The History of the Royal Ascot

Royal Ascot is the biggest social festival in the summer. Established in 1711 by Princess Anne, the event is 300 years old and has maintained its reputation as the world’s most luxurious event. People are more accustomed to call it “Ladies’ Day” .   A large number of princes and nobles and ladies dressed up in this day, they must respect the “dress code”-formal hat.

The Royal Ascot Jockey is one of Britain’s top horse racing events.This event is a major event in the British social circle. What makes it even more famous, however, is the distinctive hat show at the Jockey Club Lady’s Festival. Many visitors came here to watch the opening ceremony of the Jockey Club.

It is reported that the event has a history of 200 years since 1807. Men who enter the royal stands wear straight dresses, and women come out wearing the most beautiful clothes and the most creative hats.

Both men and women are required to dress up on this day. Women have a strict dress and men have to wear black or gray gowns, including a small vest and a hat. We regard this as the best stage of “comparison”, especially ladies, who are competing to show their identities, skirts and hats.

As a high-end event, the Ascot Race has its own dress code, the core of which is formal. Men are required to wear day gowns, black or gray cloth and a top hat; ladies, women are required to fit in with a lady’s code, day dress, no shoulders, no overexposure, and, more importantly, a hat. Therefore, the people who come here, in addition to horses, but also see people, the ancient racecourse because of the arrival of women, “beautiful hats” into a real hat show.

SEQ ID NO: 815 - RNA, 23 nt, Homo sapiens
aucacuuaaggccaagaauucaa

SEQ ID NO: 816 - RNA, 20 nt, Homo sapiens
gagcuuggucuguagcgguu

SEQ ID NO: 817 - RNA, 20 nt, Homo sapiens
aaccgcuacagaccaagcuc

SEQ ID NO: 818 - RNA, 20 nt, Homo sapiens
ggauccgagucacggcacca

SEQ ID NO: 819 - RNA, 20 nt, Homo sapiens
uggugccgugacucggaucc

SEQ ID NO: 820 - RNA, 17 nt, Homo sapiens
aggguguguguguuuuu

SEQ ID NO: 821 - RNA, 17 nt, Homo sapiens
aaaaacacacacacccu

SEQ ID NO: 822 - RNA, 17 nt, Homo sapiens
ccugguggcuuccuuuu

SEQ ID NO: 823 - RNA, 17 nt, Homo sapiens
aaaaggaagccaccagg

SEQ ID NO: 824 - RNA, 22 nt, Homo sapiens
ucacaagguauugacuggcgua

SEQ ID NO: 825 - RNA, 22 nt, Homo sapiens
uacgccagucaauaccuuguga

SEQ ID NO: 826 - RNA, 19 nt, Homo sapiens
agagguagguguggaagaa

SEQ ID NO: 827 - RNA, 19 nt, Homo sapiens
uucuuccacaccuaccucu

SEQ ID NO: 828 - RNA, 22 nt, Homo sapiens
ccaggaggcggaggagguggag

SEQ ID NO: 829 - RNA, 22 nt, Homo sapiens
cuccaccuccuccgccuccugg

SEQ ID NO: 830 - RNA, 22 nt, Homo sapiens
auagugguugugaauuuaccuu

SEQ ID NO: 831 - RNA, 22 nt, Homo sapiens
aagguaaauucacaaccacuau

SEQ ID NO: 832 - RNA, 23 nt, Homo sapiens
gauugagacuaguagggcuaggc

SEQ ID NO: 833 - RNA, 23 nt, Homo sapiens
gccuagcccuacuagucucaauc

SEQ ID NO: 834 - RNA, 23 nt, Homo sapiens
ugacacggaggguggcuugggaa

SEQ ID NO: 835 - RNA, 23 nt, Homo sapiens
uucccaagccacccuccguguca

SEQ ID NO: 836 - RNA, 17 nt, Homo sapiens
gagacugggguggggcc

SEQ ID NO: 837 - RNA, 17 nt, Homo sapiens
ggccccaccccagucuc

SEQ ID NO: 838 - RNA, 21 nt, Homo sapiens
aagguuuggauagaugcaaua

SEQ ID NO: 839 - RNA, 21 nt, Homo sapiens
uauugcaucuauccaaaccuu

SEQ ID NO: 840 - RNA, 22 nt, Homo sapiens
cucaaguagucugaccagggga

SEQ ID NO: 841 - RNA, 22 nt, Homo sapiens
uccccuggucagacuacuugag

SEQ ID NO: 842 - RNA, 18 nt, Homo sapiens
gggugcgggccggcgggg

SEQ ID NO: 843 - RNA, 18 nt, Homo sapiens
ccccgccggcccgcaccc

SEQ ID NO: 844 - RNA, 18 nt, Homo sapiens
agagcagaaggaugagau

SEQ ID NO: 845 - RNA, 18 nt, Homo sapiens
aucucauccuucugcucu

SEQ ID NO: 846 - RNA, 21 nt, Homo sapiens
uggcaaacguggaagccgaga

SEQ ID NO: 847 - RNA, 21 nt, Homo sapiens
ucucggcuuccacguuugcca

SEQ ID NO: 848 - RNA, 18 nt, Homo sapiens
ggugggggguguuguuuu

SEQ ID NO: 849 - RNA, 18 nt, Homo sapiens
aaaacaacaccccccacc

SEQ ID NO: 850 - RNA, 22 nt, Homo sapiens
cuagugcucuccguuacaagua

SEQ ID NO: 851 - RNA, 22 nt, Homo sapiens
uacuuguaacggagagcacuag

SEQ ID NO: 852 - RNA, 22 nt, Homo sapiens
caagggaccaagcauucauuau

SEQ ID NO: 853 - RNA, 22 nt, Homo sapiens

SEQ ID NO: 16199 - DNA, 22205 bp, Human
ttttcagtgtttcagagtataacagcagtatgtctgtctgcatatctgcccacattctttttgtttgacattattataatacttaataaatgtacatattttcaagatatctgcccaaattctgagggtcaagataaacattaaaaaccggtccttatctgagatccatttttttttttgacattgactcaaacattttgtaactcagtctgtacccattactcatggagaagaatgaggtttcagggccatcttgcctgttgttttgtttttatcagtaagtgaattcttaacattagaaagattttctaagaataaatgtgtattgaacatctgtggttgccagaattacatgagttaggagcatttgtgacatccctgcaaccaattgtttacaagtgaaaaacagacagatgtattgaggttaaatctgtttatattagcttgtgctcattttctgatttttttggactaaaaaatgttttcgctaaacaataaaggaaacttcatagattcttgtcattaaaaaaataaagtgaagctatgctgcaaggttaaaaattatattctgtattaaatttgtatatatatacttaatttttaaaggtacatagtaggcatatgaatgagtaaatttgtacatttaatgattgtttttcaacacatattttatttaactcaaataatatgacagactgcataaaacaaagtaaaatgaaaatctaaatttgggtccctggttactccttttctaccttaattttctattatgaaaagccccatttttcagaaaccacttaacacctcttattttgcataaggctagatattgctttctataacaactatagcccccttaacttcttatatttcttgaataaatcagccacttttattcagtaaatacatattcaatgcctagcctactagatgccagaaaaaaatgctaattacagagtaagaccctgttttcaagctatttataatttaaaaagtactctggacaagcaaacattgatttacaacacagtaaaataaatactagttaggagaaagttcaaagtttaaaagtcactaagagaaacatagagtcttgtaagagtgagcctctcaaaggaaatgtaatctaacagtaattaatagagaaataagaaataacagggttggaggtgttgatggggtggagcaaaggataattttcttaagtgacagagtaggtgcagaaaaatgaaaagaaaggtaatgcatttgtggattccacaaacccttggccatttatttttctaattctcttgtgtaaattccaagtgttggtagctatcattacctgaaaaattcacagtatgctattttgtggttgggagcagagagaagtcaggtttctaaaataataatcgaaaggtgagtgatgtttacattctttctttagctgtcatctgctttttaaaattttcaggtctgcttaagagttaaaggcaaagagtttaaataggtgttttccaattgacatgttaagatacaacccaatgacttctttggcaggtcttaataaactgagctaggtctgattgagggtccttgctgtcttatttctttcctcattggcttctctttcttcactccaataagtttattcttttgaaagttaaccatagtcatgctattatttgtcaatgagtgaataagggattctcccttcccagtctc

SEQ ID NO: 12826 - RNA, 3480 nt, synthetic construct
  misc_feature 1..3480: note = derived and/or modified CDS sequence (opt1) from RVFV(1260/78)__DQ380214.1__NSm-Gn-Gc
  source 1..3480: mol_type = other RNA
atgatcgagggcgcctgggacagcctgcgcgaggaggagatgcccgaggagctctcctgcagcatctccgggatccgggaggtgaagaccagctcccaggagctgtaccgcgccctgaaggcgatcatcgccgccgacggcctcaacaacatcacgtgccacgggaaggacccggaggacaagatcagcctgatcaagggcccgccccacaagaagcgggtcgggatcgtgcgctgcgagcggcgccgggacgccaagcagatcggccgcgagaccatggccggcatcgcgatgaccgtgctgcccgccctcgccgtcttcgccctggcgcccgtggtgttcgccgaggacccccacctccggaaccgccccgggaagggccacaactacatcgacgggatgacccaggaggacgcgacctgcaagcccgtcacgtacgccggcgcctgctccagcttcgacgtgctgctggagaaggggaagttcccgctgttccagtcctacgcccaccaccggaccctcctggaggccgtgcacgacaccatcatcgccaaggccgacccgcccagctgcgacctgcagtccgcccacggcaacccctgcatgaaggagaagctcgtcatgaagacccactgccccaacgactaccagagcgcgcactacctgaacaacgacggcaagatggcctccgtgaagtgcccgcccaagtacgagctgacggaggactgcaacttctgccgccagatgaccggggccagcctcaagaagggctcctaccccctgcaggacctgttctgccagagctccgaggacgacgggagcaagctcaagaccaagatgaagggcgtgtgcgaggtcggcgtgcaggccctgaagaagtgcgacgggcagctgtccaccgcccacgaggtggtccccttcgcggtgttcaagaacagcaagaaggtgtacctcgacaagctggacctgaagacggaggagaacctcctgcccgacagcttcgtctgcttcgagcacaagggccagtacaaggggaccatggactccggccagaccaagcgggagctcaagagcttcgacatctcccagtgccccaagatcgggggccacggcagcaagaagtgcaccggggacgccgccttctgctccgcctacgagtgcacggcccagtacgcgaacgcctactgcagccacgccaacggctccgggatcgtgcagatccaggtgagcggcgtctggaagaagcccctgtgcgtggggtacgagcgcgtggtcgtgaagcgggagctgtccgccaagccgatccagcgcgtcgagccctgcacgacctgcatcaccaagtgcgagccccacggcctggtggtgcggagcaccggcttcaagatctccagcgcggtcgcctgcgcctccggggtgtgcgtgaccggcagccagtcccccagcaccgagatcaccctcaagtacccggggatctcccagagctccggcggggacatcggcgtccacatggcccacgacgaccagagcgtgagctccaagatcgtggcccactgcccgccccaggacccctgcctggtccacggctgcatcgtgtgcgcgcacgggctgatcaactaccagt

But not every Royal Jockey Club is colorful and full of joy. The Royal Jockey in 1910 became a “black fight show”, because it came at the time of the death of King Edward VII of England as a sign of mourning and respect for the King. All those present were dressed in black. On the contrary, the racetrack did not appear too heavy because of black. On the contrary, the black dress of the aristocrats and celebrities made the public see the nobleness of black. It could be said that it was through this incident that black came to the stage of high fashion. And established a strong relationship with it, because the Royal Jockey Club, in addition to death and mourning, people thought of grace and height. This is the fashion code of the British aristocrats.

Since 2011, Ascot has staged British Champions Day, the climax to the British Champions Series, an event designed to increase the sport’s public profile and to rival Arc weekend and the Breeders’ Cup in terms of attracting the best horses. The first event was staged on 15 October 2011 and was generally regarded as a success, though overshadowed by controversy regarding new regulations on the use of the whip. Winners on British Champions Day have included Frankel, who won the Queen Elizabeth II Stakes in 2011, and in the final race of his unbeaten career, the Champion Stakes in 2012.

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